Corporate Eye

Some Really Good Advice That’s Hard to Get (Part 2)


As promised in a previous post, here’s a roadmap to the four articles that comprise Dr. John Sullivan’s analysis of “127 suggested features or capabilities for the corporate careers website of the future.”  The links will take you in order to the articles archived on Sullivan’s own website.  (Links to the version are provided at the end of this post.)

Part 1:  Contains an analysis of the current state of most Career sites; a list of “16 Reasons Why the Web Is a Powerful Recruiting Sales Tool”; an index of the “18 Categories of Website Features or Capabilities” that will be discussed in the series; and discussions of the first three categories, which are:

  • Careers page easy to find on the lead-in page
  • Immediate “wows” to get their attention
  • Quick identification features

Each category has its own list, so Part 1 contains the first 23 of the 127 suggested features or capabilities.  (The category names in the individual parts sometimes are not the same as they were on the index list, but they are similar.)

Part 2:  Covers the next five categories, which are:

  • Initial classification of the visitor
  • Features that provide personalized information
  • Personalized features and expedited treatment
  • Features for attracting employed top performers
  • Features for attracting active job seekers

This group brings the features/capabilities total to 56.

Part 3: Covers the next four categories, which are:

  • Other information-gathering elements for all visitors
  • Careers page features that sell them on the firm
  • Jobs page features that sell visitors on this job
  • Features that make it easy to find jobs

This group brings the features/capabilities total to 92.

Part 4:   Wrapping up with the remaining six categories:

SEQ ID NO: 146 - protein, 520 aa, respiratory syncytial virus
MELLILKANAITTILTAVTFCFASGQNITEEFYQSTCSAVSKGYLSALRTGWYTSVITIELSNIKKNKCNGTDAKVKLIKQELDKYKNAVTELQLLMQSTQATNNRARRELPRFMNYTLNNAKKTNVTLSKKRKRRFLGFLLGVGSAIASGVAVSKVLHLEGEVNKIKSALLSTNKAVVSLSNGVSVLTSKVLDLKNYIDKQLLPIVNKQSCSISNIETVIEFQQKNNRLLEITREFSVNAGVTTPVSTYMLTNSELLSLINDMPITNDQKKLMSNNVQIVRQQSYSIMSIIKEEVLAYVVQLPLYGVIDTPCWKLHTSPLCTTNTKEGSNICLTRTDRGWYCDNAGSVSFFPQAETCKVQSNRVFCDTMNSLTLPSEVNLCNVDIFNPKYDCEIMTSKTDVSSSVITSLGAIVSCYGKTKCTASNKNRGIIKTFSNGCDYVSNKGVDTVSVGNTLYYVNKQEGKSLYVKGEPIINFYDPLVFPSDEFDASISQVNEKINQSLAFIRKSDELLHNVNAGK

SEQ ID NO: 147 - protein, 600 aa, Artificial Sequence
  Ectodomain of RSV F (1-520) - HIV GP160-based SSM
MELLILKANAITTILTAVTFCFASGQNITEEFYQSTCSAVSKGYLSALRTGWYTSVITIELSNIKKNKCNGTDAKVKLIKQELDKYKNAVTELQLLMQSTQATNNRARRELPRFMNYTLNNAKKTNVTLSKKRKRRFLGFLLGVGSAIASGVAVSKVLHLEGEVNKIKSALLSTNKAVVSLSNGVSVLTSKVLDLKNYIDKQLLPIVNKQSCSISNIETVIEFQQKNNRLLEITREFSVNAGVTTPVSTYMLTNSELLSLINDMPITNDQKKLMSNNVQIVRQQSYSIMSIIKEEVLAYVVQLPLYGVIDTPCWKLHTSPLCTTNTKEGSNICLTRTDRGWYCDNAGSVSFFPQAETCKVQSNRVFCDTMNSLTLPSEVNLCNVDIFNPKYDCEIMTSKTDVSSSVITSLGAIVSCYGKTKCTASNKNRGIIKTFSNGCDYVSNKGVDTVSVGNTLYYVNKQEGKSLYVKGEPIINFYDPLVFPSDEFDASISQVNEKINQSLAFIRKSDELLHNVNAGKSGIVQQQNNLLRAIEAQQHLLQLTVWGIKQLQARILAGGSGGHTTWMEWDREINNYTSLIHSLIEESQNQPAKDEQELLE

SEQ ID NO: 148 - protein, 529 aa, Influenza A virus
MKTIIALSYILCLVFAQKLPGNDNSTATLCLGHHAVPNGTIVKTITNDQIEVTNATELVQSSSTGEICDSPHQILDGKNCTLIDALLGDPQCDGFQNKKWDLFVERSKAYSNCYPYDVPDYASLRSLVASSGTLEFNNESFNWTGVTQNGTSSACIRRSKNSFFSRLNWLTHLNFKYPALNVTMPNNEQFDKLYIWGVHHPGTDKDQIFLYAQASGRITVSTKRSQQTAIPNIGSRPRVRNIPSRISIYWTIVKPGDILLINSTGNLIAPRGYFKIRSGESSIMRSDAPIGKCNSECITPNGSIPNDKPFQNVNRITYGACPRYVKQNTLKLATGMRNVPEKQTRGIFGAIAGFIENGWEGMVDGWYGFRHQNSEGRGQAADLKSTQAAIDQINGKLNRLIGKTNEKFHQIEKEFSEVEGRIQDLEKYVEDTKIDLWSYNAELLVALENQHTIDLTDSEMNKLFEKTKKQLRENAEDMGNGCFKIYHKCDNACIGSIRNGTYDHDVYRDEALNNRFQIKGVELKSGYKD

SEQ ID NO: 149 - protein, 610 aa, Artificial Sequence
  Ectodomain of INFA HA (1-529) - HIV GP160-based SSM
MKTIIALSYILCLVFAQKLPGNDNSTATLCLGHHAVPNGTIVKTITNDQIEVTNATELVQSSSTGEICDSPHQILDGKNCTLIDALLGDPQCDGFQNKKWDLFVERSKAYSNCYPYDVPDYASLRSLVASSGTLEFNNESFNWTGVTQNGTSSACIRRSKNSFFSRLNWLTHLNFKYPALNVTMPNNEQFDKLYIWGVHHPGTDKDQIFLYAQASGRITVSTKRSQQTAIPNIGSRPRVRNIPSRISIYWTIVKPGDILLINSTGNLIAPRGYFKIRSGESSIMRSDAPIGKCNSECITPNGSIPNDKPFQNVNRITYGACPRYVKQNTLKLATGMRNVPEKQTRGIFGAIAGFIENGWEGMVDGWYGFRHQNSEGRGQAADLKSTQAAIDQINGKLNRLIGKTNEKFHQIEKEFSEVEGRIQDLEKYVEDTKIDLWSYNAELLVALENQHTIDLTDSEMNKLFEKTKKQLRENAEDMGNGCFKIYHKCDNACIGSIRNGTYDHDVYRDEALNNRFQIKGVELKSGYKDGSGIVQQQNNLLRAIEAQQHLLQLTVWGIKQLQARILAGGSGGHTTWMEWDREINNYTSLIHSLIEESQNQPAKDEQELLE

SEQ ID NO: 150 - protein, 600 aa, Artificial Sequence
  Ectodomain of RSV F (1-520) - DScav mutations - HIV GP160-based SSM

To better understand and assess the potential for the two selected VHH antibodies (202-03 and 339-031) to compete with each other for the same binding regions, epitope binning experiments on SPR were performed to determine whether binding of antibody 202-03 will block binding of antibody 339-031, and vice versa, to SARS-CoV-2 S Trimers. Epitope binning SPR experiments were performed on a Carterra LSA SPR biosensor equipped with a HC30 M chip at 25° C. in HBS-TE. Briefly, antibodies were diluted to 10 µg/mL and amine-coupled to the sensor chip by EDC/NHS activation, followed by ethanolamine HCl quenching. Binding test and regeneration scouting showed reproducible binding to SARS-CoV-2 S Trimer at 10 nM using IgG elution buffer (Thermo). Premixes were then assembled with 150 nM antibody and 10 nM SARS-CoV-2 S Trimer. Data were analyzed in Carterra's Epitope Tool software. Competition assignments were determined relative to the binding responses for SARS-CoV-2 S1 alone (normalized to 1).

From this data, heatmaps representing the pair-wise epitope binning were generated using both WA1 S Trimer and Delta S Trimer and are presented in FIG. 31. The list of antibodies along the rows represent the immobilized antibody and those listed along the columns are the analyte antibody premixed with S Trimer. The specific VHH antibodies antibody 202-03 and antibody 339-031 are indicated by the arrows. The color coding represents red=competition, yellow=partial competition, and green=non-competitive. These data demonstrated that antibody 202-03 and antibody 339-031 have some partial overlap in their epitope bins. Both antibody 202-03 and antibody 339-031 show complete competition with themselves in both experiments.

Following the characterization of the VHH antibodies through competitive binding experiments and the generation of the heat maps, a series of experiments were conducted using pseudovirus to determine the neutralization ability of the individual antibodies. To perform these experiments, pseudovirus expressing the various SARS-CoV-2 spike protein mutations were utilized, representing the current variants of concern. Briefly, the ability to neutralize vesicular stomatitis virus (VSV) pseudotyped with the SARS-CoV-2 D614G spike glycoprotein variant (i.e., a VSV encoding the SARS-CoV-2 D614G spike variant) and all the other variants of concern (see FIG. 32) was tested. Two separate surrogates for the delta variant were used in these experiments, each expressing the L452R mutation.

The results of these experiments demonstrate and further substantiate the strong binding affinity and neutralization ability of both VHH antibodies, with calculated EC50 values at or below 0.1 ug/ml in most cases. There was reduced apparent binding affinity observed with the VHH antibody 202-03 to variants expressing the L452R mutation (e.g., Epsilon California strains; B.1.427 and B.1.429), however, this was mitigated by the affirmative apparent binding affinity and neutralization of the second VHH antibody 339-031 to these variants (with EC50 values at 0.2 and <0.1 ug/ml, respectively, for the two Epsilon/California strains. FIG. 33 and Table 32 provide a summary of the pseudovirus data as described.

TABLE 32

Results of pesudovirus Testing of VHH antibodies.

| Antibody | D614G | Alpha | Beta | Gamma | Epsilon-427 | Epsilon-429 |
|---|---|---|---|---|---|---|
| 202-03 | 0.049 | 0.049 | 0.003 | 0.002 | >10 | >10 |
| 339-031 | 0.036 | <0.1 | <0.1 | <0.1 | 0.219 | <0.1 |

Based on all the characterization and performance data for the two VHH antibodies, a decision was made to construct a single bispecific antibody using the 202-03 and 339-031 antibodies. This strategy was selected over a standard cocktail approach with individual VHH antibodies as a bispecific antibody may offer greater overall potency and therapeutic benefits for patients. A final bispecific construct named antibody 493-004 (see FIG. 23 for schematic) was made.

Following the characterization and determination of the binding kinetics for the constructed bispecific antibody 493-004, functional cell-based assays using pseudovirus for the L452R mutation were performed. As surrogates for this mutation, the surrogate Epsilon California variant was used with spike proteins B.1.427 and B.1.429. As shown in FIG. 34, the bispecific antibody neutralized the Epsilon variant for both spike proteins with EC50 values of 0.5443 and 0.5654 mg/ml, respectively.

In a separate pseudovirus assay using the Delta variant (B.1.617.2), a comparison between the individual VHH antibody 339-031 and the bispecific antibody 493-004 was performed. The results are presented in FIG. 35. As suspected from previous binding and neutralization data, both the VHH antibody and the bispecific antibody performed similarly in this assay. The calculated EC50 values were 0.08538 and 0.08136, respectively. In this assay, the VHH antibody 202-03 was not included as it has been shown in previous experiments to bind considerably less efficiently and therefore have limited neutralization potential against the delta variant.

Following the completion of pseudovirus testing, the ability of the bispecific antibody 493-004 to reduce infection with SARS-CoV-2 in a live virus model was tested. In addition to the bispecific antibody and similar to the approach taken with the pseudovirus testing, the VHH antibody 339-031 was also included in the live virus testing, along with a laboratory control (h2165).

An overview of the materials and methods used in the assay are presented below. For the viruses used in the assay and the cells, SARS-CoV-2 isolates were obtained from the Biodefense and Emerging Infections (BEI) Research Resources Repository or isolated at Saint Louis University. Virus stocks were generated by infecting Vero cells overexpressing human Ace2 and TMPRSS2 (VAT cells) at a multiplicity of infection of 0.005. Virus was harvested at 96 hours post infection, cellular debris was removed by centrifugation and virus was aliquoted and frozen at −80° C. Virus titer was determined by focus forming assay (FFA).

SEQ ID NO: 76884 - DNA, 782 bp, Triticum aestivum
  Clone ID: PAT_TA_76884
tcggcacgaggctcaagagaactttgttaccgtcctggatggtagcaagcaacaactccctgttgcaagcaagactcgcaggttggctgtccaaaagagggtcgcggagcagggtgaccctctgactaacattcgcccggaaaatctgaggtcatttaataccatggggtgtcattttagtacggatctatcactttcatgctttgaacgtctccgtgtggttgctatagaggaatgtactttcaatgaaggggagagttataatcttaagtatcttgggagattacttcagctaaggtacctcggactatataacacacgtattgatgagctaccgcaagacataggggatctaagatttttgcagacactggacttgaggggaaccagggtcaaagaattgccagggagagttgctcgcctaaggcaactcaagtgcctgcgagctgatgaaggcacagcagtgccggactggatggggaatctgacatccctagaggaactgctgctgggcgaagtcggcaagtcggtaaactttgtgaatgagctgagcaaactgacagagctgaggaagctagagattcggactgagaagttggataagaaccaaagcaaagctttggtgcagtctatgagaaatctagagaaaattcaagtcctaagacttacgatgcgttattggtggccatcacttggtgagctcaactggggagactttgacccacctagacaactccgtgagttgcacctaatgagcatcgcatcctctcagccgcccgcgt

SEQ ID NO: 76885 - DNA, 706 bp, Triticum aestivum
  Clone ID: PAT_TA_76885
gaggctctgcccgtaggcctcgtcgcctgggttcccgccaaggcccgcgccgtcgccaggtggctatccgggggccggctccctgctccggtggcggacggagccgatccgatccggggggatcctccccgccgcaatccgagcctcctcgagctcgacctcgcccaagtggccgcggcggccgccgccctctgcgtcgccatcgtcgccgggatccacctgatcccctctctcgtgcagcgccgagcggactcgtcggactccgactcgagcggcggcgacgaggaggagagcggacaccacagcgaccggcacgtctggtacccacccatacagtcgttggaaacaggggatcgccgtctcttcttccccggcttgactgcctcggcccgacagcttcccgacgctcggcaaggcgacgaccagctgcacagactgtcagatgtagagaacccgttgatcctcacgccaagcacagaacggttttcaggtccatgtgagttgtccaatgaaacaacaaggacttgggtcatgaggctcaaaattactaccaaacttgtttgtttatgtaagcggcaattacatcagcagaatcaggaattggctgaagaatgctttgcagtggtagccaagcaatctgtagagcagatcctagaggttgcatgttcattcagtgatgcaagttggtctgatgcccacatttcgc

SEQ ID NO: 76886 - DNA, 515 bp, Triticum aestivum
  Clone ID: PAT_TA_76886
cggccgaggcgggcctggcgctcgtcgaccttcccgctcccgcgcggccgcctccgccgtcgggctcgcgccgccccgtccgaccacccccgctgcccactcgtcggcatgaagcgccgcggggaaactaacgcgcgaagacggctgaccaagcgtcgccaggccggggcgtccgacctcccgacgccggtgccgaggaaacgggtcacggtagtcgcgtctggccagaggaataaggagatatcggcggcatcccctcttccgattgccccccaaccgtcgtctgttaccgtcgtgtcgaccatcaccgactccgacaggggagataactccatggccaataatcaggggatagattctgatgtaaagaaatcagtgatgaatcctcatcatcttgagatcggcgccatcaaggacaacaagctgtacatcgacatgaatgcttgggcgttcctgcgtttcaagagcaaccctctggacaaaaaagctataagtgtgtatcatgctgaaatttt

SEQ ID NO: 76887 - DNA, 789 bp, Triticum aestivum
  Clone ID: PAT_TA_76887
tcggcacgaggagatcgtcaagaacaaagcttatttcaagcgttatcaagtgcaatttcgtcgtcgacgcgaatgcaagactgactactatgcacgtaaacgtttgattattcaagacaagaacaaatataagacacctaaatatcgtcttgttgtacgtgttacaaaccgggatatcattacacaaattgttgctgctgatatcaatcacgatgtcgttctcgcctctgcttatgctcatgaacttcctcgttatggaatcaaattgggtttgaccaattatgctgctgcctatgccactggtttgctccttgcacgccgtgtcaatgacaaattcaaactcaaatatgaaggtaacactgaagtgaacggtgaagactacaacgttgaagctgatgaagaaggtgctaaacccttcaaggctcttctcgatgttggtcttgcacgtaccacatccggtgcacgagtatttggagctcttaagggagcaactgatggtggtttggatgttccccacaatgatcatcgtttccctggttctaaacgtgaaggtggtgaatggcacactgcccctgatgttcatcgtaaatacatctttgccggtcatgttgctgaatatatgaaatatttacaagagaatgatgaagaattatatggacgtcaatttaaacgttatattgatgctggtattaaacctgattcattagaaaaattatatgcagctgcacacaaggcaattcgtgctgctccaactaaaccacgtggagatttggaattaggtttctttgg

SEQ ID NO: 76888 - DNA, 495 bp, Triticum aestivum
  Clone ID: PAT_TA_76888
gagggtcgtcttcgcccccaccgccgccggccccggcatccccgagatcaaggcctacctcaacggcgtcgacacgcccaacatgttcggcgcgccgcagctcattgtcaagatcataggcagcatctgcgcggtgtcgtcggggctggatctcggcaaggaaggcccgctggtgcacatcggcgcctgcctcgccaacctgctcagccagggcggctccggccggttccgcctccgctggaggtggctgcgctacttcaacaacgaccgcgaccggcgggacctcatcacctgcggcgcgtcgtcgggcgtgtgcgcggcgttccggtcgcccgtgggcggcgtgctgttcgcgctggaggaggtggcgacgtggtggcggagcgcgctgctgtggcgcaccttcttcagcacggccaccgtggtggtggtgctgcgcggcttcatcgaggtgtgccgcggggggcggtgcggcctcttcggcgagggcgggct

• Features that bring the firm to life and make the firm appear genuine
  • Features that help assess job qualifications
  • Features that provide feedback to candidates and that answer their questions
  • Elements that help build the relationship over time
  • Geographically localized features
  • Other things to do related to the site, including metrics

The features and capabilities in the last category (Other things . . . ) are not numbered, so they are not included in the 127 total.

The links provided above are to the Sullivan site because the articles are more readable there and the titles are part numbered.  If you prefer to read them on (where the list numbering is continuous) here are the links in order: Part 1 Part 2 Part 3 Part 4

(Thanks to “Solo, with others” for a lakeside view of the advice business.)

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Cynthia Giles has followed a serpentine career path from academia to publishing to marketing and design to information technology and corporate communications. There’s plenty of detail about this journey at, but briefly--the common theme has been ideas, and how to present them effectively. Along the way, she became an accidental expert on data warehousing and business intelligence, and for the past ten years she has combined corporate contracting with an independent consulting practice that focuses on marketing strategy for smaller businesses and non-profits. Having spent quite a bit of time looking for work, and anywhere from two weeks to two years inside a wide variety of American companies—she has given much thought to what works (and what doesn’t) when it comes to creating a great employment fit.